The Controversial charges for polluting vehicles as part of Greater Manchester’s plan for a clean air zone as to be postponed as Mayor Andy Burnham criticises Boris Johnson’s Government over its lack of financial support for the scheme
The Clean Air Zone scheduled to begin on 30th May 2022 continues but as a non-charging GM-wide Category B CAZ (including buses, HGVs and non-GM registered taxis).
This will allow people time to adjust and, instead of fines, people will be contacted to advise to where they can find support.
All private-use leisure vehicles – such as motorhomes, camper-vans and horseboxes, as well as cars, motorbikes and mopeds – are permanently exempted from the CAZ.
If the evidence supports it, that there will no longer be a GM-wide Category C zone (including vans and GM-registered taxis) but either a reduced Category C scheme or no Category C scheme at all. This will depend on the Government decision on an amended year of compliance.
To reconfirm that this is a temporary CAZ which will last no longer than it is needed to achieve air compliance.
Early discussions have already begun with Greater Manchester Police with regard to the potential use of the ANPR infrastructure in the second half of this decade for policing purposes. If this proposal was to be taken forward, there would be a full public consultation on it and all of the implications carefully considered.
In a statement issued by the Mayor he said that it is now for the Government to decide whether they are prepared to set a new date for compliance and what that date should be.
Burnham said that he was committed to cleaning up the air residents breathe – but in a way that helps people to make the change and does not put jobs, livelihoods and businesses at risk.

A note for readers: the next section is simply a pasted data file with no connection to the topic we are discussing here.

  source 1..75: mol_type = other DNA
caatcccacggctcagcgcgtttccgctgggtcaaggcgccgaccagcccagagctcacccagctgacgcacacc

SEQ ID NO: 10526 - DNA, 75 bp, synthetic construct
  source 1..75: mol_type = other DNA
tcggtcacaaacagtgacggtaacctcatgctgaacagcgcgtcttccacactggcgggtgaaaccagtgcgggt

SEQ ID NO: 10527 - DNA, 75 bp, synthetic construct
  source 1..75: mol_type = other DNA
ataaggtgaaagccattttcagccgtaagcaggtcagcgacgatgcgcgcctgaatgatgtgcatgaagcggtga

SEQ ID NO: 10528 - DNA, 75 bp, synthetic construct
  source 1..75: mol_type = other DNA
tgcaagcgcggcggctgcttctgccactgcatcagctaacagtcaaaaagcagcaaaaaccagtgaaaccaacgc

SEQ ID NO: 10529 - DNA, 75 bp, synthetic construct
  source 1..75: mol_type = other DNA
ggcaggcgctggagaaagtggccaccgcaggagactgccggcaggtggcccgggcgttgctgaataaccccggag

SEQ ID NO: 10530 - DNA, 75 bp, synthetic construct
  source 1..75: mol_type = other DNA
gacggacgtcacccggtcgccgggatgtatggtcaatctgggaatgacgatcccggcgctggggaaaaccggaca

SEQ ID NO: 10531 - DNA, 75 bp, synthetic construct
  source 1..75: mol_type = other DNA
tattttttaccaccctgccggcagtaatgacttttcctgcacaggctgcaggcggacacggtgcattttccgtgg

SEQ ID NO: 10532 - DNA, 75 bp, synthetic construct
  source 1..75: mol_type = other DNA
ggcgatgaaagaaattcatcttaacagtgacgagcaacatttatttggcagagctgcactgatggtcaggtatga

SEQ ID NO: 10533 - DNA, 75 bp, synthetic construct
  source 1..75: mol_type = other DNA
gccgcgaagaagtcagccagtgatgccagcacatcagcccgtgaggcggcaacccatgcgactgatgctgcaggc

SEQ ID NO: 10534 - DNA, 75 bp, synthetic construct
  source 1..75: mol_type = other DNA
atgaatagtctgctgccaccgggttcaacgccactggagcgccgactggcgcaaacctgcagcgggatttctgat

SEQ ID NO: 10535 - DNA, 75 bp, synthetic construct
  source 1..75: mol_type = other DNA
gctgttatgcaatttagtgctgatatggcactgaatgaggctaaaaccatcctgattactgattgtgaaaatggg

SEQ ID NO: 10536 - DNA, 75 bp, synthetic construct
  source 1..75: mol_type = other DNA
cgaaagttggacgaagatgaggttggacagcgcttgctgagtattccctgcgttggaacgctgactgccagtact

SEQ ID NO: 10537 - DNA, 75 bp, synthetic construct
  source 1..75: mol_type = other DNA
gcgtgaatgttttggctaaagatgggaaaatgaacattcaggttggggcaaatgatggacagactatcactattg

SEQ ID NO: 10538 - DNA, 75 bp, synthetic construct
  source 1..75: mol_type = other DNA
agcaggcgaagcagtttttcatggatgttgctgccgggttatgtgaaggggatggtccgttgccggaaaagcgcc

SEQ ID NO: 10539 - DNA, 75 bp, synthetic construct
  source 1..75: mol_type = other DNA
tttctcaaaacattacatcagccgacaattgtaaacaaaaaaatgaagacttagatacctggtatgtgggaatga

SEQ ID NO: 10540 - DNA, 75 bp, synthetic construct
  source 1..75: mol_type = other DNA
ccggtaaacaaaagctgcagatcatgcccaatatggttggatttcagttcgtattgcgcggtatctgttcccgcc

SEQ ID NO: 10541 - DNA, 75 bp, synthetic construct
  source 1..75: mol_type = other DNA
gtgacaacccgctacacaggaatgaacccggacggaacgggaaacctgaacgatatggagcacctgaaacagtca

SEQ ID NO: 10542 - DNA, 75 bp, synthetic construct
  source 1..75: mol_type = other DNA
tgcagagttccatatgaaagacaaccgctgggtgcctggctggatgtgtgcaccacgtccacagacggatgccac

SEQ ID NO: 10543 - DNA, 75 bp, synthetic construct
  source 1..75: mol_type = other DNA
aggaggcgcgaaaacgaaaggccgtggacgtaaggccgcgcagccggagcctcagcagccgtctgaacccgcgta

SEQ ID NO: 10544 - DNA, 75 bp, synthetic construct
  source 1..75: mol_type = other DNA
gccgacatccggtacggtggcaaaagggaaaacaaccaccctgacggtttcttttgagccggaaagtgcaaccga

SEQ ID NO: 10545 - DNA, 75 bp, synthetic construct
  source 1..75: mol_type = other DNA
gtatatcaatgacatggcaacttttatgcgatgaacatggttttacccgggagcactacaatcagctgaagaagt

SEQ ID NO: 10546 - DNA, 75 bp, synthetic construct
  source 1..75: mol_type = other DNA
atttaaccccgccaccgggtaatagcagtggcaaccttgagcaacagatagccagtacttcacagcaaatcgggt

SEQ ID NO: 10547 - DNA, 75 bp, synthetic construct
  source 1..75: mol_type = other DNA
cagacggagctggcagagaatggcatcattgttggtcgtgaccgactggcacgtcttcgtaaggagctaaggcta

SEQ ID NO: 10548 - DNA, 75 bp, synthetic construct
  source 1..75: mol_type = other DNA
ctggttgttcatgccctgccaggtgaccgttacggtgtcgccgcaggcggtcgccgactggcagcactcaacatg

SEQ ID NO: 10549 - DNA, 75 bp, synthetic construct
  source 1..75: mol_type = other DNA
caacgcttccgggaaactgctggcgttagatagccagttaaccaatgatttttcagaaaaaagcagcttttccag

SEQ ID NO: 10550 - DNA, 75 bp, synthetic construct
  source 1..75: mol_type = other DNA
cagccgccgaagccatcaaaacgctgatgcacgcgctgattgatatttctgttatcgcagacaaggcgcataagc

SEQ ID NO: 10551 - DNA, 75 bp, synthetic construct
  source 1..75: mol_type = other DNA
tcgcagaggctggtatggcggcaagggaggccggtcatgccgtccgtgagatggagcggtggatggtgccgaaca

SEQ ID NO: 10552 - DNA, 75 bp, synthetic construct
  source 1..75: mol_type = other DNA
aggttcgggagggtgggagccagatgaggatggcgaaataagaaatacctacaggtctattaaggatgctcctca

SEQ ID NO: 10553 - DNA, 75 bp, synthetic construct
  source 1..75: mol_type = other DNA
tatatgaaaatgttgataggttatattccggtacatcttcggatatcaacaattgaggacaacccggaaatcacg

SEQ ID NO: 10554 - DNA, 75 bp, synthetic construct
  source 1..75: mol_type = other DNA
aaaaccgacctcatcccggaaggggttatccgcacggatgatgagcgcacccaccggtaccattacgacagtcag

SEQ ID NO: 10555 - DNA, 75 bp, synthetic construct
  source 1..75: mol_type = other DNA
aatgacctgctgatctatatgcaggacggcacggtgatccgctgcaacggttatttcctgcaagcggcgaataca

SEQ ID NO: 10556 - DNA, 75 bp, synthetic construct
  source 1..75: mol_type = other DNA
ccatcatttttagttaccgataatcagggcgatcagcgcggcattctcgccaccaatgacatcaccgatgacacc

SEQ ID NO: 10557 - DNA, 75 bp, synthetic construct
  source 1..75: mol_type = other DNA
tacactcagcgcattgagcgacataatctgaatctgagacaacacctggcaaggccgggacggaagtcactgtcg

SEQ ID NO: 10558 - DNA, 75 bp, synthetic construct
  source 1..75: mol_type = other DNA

He added that the current Greater Manchester Clean Air Zone (CAZ) was designed before the pandemic.
“It was based on a legal direction from the Government requiring action in all 10 Greater Manchester boroughs to clean up the air and compliance in as short a time as possible and by no later than by 2024. It is the nature of this Government direction, and the tight timetable, which has shaped the CAZ proposal, together with the Government’s requirement to use a charging CAZ as the default option.”
“We have” he says “repeatedly raised concerns over a number of years about the level of funding being offered by the Government to help people upgrade vehicles. These concerns intensified last year when the effects of the pandemic became clear.
And attacking Boris Johnson who called the scheme unworkable,Burnham said The Prime Minister today gave the impression that his government has so far had nothing to do with the Greater Manchester Clean Air Zone when he described it as completely unworkable. I must remind him of the facts, which he seems to need on a daily basis at the moment.
“First, I am not and have never been the instigator nor the final decision maker in this scheme.
It is his Government which initiated it when it placed a legal direction on each of our ten councils.”
“Second, by setting a compliance date of 2024, straight after a pandemic, it is his Government’s legal direction that is unworkable.”
“And third, it was Greater Manchester which drew their attention to this, not the Government. Our Joint Clean Air Committee of the ten councils voted to refer this back to Government back in January and I personally relayed the request to lift the legal direction to the Environment Secretary last week and allow more time for compliance.”